The title says it all, right? Probably the only thing which needs explanation is the GeoJSON part 😊. This article is about my approach to the following problem – how to produce an interactive map on my PDXGA web site, which can be fed with data coming from savefile, to show things like in-game countries, income visualizations, fort levels, etc. This story is specific to converting EU4 map, but most of the algorithms are applicable to any case where you have any kind of bitmap file with a fantasy/video game map that you would like to present as an interactive, zoomable, and pannable map in the web browser.
The problem statement
The specific problem I have faced was: “How to make an interactive EU4 map, which would present data parsed from EU4 savefile in the web browser?” This is exactly what the Skanderbeg tool is doing pretty well, and what is famous for. Of course, the simplest answer is to use the same code which already has been produced, but this is kind of easy way and does not bring that much value for me (by the way, I’ve seen that code, and I only understood half of it) in terms of learning. So, I have turned to Google Search for help. After some browsing, I redefined my problem statement to: “How to convert the EU4 bitmap file which has all provinces defined in a graphical way to GeoJSON file?” Why I’ve made this change? Well, GeoJSON is a data format that can be used as an input by many frontend frameworks to draw visually attractive, interactive maps in the browser, so if I only had such data for EU4 my problem would be solved. The challenge is, that, there is no tool that does BMP to GeoJSON conversion because those two formats are completely different ways of storing the information.
I usually start to solve the problem from the end, which in this case is GeoJSON. The format itself is quite simple and you can read about it on Wikipedia, or even read its RFC for more details on the format. There are also plenty of software libraries that can build the GeoJSON data structure and then operate on it, but the requirement is this – one has to have data about the map described in terms of shapes that build the map. Maps by the very definition are collections of shapes put together on some limited area (usually in 2D space), and each shape can have certain attributes, like color, pattern, label, etc. In the most basic form, the map consists only of shapes of countries, lands, provinces, or any other divisions the map is representing. And this was exactly what I needed for my EU4 map. In other words, I needed to describe the EU4 map as a collection of shapes (representing provinces). There are around 5000 provinces in EU4, and for each and every province on the map, I had to have coordinates of its borders, described in geographical coordinates (latitude and longitude). If I had these I could produce the GeoJSON I needed.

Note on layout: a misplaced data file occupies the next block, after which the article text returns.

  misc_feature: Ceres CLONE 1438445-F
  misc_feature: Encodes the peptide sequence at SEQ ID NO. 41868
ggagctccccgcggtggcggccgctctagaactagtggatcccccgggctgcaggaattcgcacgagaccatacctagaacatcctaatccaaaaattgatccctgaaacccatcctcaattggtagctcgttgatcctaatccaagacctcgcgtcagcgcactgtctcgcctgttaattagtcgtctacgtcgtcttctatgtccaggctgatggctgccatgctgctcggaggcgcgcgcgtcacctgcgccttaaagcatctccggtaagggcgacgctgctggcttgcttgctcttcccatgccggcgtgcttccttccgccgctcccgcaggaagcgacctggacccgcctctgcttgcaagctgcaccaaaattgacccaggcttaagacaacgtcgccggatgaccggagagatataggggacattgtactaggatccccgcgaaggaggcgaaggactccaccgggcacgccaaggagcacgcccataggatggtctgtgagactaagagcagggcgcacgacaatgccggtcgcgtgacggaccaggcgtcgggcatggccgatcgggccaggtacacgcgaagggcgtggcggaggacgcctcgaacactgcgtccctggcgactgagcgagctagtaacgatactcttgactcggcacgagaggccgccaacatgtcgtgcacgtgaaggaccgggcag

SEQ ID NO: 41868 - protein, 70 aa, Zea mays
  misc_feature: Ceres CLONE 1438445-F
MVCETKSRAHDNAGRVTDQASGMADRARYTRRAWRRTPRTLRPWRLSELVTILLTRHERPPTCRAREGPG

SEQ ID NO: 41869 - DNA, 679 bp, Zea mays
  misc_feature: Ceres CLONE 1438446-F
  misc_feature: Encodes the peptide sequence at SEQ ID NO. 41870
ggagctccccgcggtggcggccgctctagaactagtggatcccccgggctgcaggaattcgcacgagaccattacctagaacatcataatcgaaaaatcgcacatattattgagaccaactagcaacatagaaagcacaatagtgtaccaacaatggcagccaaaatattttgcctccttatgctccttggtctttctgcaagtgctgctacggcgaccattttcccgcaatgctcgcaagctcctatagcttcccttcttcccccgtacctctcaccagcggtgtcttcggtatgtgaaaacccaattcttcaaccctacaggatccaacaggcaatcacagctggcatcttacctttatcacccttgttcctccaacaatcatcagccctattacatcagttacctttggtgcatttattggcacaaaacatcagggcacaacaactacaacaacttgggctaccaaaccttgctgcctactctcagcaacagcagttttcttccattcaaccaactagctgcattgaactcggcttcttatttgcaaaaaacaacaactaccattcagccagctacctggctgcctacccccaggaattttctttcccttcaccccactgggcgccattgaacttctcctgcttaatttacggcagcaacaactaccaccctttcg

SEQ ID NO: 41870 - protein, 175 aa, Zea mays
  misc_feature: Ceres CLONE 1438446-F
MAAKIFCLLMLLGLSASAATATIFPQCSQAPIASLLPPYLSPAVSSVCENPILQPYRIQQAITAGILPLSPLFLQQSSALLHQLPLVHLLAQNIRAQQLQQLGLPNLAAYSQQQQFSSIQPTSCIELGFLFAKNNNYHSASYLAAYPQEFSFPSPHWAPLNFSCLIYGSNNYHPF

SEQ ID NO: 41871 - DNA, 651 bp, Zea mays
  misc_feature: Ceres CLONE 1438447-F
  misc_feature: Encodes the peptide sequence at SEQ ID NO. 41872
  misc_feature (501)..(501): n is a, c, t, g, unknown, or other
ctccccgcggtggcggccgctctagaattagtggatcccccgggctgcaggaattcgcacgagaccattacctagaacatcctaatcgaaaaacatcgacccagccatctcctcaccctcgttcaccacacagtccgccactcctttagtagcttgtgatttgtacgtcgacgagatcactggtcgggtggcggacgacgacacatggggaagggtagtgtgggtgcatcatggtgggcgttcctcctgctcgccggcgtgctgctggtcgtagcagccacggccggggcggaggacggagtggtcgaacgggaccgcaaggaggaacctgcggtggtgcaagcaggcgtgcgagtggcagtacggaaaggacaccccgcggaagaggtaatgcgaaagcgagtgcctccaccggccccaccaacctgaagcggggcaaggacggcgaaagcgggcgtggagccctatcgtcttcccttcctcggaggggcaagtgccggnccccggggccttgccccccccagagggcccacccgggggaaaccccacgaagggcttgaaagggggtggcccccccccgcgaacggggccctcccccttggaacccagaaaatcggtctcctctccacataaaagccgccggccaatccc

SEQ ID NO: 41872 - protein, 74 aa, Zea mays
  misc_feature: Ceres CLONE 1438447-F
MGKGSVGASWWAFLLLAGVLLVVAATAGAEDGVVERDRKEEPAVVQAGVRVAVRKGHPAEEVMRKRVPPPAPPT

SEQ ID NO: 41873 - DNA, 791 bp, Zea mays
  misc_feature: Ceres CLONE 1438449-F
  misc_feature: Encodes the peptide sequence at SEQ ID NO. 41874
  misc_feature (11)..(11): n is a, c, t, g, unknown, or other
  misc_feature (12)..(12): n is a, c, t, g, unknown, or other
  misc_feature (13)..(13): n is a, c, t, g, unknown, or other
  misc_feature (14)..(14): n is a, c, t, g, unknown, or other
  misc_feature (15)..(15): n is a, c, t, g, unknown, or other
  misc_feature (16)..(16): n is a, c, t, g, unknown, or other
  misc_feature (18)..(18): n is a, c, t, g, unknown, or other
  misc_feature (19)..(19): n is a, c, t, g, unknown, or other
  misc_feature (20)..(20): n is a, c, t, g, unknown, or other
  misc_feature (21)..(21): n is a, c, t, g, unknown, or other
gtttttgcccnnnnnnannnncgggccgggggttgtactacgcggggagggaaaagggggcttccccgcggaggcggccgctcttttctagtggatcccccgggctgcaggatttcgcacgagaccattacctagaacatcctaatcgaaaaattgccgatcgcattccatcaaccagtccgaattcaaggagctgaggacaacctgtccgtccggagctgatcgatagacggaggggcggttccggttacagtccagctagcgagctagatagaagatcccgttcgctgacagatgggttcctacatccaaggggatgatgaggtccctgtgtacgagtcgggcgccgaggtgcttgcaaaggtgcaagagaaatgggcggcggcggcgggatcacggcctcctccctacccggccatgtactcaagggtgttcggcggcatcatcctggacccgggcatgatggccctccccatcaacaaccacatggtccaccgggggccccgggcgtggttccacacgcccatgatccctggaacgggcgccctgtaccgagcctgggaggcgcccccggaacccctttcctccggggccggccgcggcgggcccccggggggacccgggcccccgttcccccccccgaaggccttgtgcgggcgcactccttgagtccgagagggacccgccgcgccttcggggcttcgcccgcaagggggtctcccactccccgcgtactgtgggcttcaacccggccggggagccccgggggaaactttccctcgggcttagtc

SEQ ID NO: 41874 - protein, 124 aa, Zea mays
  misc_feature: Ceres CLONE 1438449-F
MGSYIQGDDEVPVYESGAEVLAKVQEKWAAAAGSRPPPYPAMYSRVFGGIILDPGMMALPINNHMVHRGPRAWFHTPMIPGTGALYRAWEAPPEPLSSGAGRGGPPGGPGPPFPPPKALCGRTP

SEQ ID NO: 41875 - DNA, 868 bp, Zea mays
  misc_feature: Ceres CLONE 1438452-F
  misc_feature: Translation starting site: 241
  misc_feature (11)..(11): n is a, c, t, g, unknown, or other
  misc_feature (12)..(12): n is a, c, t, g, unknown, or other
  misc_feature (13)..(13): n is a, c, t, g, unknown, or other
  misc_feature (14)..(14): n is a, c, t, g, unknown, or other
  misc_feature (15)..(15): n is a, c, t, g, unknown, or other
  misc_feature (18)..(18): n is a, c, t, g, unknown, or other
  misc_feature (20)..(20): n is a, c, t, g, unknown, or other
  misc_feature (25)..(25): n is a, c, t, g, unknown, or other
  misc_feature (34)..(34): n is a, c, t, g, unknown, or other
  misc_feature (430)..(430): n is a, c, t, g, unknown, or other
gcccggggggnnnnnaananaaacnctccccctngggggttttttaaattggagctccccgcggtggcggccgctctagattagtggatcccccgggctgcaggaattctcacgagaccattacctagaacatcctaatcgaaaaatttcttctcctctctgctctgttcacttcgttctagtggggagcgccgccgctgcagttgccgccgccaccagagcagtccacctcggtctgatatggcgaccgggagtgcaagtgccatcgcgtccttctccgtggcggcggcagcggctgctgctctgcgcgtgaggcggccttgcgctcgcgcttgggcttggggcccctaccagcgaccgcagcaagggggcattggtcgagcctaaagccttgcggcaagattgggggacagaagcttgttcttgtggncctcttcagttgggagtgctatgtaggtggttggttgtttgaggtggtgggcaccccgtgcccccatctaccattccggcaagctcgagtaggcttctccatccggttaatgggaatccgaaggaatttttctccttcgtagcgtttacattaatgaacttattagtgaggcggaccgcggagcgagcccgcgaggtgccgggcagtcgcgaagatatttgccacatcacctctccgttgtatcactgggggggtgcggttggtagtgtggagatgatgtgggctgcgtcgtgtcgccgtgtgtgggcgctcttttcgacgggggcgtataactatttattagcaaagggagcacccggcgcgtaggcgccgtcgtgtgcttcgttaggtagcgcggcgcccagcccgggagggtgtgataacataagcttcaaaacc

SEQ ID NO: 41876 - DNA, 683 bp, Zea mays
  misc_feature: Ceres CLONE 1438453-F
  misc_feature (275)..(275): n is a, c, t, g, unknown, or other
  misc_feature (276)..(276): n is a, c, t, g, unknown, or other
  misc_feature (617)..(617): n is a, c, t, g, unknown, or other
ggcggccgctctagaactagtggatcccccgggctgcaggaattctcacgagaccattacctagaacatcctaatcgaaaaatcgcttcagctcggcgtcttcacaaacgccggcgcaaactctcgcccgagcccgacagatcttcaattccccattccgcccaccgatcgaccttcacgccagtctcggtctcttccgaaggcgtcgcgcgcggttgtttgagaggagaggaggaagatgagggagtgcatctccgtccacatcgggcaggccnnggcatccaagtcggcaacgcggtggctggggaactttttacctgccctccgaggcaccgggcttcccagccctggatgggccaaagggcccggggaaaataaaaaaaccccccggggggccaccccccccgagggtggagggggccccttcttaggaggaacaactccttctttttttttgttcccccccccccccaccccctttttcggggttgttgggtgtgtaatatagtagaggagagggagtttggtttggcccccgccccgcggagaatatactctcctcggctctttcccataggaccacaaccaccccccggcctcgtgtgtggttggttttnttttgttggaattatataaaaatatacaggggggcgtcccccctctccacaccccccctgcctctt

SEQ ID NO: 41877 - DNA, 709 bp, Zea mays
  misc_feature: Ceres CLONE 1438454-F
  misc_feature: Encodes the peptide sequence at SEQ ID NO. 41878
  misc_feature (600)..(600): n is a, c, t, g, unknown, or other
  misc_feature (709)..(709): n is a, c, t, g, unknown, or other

How the map is stored in EU4?
Back to the beginning of the problem, we need to understand how the map is represented in the game. The map you can see in the EU4 game also consists of shapes, so the game stores this information somewhere in the game assets folder. The way the EU4 stores the data about its in-game map is partially documented on EU4 Wiki, and the most important data is the file that stores the information about shapes of provinces. This is the file called, unsurprisingly, provinces.bmp which is located in the subfolder of EU4 installation folder named map. You can open the file in any graphical tool (like MS Paint) and see for yourself that it contains a colorful EU4 map, where each province is shown in a different color as illustrated below.
The other important piece of information is a file named definition.csv, located in the same folder as the map itself, that stores additional data (or metadata, about provinces). This file contains information about the unique identifier of the province (a number), province name (a human-friendly province name, which does not have to be unique), and color in which the province is represented in the province bitmap file. So, for example, if we want to know the shape of the province with ID 2020, named Bannock, we can find out in the definition file that its color is #9b0ca0 (a shade of pink?) If we go to the provinces file all pixels of the image in this specific shade of pink represents the shape of province Bannock.
So far, so good – for any given province in the game we are now able to find its shape in the bitmap file. The next step would be to somehow convert such shape into a set of coordinates representing borders of the province. The next part will be about how to find a border and how to convert it into a set of coordinates we will need for our GeoJSON.